In less than 15 years, Kirby Brown has gone from cleaning a ski resort to managing one.
In a press release issued Monday, Dave Brownlie, President and Chief Operating Officer of Whistler-Blackcomb, announced Brown was being promoted from Director of Resort and Lodging Experience at Whistler Blackcomb to President and COO at Panorama Mountain Village, in Invermere.
“Kirby’s passion and good nature will certainly be missed, but it is these exact qualities which make him the ideal choice to lead Panorama into the future,” Brownlie said.
“Kirby’s proven track record in business development, combined with his knowledge of our industry are valuable additions to the strong team at Panorama.”
Panorama is currently owned by Intrawest, parent company of Whistler-Blackcomb.
Brown was first hired as a night cleaner for Whistler Mountain Ski Corp. in 1993, and was promoted to the position of Quality Assurance Coordinator a few years later.
During the amalgamation of Whistler and Blackcomb mountains, Brown was appointed as Merger Coordinator, and was later promoted to Employee Housing and Services Manager, eventually taking on the title of Director of Employee Experience in 1999.
“One great thing about Intrawest is that people are always interested in what you’re going to do with your future, and I had always expressed interest in taking on a general manager role one day, when they felt I was ready,” Brown explained in an interview Tuesday.
While Brown has had great success working for Whistler-Blackcomb, he says he has never been “title-driven.”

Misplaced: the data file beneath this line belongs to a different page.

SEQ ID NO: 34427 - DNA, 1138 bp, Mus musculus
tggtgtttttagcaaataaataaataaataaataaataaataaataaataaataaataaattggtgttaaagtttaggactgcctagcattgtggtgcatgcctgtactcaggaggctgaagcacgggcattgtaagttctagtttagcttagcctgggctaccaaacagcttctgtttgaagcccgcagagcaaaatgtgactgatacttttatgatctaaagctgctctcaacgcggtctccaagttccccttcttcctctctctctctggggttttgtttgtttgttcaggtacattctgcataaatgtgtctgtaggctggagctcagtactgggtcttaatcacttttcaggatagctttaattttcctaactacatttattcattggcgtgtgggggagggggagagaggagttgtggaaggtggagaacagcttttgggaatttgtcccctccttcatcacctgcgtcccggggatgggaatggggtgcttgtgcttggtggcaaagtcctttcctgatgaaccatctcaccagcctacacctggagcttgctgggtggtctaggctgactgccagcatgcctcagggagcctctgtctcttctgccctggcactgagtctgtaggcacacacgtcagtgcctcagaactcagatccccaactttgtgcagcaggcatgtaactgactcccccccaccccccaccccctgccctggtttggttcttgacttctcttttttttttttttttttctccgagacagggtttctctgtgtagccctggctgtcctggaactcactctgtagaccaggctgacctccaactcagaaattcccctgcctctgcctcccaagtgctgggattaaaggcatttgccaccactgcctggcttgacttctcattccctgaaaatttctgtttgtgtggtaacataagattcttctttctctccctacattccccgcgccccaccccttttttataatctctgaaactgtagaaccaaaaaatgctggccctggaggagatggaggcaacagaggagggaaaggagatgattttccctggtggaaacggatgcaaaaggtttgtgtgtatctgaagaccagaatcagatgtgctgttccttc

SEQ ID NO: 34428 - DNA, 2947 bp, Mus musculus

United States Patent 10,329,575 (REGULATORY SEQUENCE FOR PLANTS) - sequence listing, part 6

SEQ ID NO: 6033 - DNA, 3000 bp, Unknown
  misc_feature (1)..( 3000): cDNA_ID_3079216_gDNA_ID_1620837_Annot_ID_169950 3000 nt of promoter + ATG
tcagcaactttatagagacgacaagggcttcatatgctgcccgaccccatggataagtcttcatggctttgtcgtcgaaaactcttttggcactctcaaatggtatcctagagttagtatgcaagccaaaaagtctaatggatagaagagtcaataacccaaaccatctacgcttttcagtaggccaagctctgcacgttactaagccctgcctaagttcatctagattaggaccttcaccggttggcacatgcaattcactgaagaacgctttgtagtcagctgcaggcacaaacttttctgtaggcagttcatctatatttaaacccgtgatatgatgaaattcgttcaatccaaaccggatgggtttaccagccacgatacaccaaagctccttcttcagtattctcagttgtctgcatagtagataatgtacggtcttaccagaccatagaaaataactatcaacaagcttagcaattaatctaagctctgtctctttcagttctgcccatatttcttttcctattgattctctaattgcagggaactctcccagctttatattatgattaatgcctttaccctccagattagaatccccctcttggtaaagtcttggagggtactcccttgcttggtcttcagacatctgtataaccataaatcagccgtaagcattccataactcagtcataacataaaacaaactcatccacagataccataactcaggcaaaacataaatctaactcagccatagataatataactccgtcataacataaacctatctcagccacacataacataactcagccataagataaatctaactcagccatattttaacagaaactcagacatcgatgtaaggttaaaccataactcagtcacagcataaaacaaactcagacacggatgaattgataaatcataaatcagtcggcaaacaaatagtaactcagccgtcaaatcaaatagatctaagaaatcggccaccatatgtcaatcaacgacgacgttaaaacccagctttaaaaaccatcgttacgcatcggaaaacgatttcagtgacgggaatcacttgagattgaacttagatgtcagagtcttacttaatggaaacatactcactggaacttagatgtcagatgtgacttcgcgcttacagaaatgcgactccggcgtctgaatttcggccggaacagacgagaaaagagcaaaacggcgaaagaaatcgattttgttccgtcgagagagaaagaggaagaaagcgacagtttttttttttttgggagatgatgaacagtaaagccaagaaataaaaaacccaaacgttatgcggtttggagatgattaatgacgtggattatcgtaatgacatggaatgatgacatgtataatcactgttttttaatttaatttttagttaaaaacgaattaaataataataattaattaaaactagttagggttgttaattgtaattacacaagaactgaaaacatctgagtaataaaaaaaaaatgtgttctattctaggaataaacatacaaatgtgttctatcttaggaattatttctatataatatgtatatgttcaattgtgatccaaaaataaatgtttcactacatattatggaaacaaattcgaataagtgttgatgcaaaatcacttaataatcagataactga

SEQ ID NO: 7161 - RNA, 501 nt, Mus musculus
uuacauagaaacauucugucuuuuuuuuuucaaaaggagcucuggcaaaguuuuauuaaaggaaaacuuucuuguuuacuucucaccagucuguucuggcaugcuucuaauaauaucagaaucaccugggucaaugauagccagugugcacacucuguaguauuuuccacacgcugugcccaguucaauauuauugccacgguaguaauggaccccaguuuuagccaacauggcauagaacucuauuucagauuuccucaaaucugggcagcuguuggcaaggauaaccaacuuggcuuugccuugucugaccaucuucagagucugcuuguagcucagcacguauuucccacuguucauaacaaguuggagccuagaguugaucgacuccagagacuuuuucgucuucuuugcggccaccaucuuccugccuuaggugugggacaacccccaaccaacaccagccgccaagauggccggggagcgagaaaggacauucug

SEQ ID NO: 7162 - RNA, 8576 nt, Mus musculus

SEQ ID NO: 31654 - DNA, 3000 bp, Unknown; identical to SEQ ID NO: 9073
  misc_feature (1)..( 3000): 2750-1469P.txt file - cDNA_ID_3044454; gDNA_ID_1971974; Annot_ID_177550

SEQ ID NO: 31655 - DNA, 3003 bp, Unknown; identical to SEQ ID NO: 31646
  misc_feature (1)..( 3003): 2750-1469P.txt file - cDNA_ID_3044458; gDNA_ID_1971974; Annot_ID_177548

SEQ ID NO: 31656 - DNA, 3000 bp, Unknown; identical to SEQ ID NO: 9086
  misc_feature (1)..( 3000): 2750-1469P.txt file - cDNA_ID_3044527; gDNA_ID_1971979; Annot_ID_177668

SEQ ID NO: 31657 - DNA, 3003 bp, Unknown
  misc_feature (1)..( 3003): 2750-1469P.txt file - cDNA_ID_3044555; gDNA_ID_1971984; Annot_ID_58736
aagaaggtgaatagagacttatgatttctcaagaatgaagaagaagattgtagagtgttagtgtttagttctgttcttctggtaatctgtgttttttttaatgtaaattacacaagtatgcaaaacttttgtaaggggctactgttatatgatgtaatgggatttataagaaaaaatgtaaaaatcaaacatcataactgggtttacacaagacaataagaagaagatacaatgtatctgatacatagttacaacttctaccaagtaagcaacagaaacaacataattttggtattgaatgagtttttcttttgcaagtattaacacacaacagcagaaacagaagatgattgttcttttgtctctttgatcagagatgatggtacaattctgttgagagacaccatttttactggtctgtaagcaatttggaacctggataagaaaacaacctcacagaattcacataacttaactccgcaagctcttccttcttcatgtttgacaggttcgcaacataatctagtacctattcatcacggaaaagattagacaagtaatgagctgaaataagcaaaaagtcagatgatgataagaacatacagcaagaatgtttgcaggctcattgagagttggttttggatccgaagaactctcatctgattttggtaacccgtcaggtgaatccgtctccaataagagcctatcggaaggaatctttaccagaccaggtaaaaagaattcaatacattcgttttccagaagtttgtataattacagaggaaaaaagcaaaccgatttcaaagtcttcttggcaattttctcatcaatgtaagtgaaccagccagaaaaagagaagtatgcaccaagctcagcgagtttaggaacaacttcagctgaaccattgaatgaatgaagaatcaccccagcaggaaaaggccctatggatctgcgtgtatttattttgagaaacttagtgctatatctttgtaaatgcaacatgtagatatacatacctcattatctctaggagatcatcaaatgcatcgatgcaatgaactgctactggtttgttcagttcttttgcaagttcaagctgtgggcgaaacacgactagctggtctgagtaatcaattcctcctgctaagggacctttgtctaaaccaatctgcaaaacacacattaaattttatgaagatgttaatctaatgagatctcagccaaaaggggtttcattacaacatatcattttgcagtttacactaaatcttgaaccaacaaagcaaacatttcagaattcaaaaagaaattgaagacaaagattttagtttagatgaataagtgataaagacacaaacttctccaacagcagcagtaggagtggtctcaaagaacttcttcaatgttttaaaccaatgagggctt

“I never wanted anyone to feel in any way stymied or intimidated by a title. I’d rather go by Kirby than anything else.”
When the opportunity came up at Panorama about two weeks ago, Brownlie asked Brown if he would like to be considered for the opportunity. After going through the interview process, they finally reached an agreement on Friday, which means Brown has to be at Panorama on Dec. 17 to start his new job.
That doesn’t leave him much time to say goodbye to the town he’s grown to love.
The self-described “small town kid at heart,” came to Whistler from Lunenburg, a small fishing community in Nova Scotia, for the first time in 1986.
“I just remember looking at that mountain, and in the weirdest way, just wanting to wrap my arms around it,” Brown said Tuesday. “It just felt like home to me.”
Over his years working and living in Whistler and Pemberton, Brown has also been very active in the community — he was chair of the Tourism and Hospitality Education and Training Consortium, and has been a board member of the Whistler Housing Authority; go2, a tourism industry employment program; Whistler Healthy Communities; playgroundbuilders.org.; Whistler Blackcomb Environmental Fund; and WorkLife B.C.
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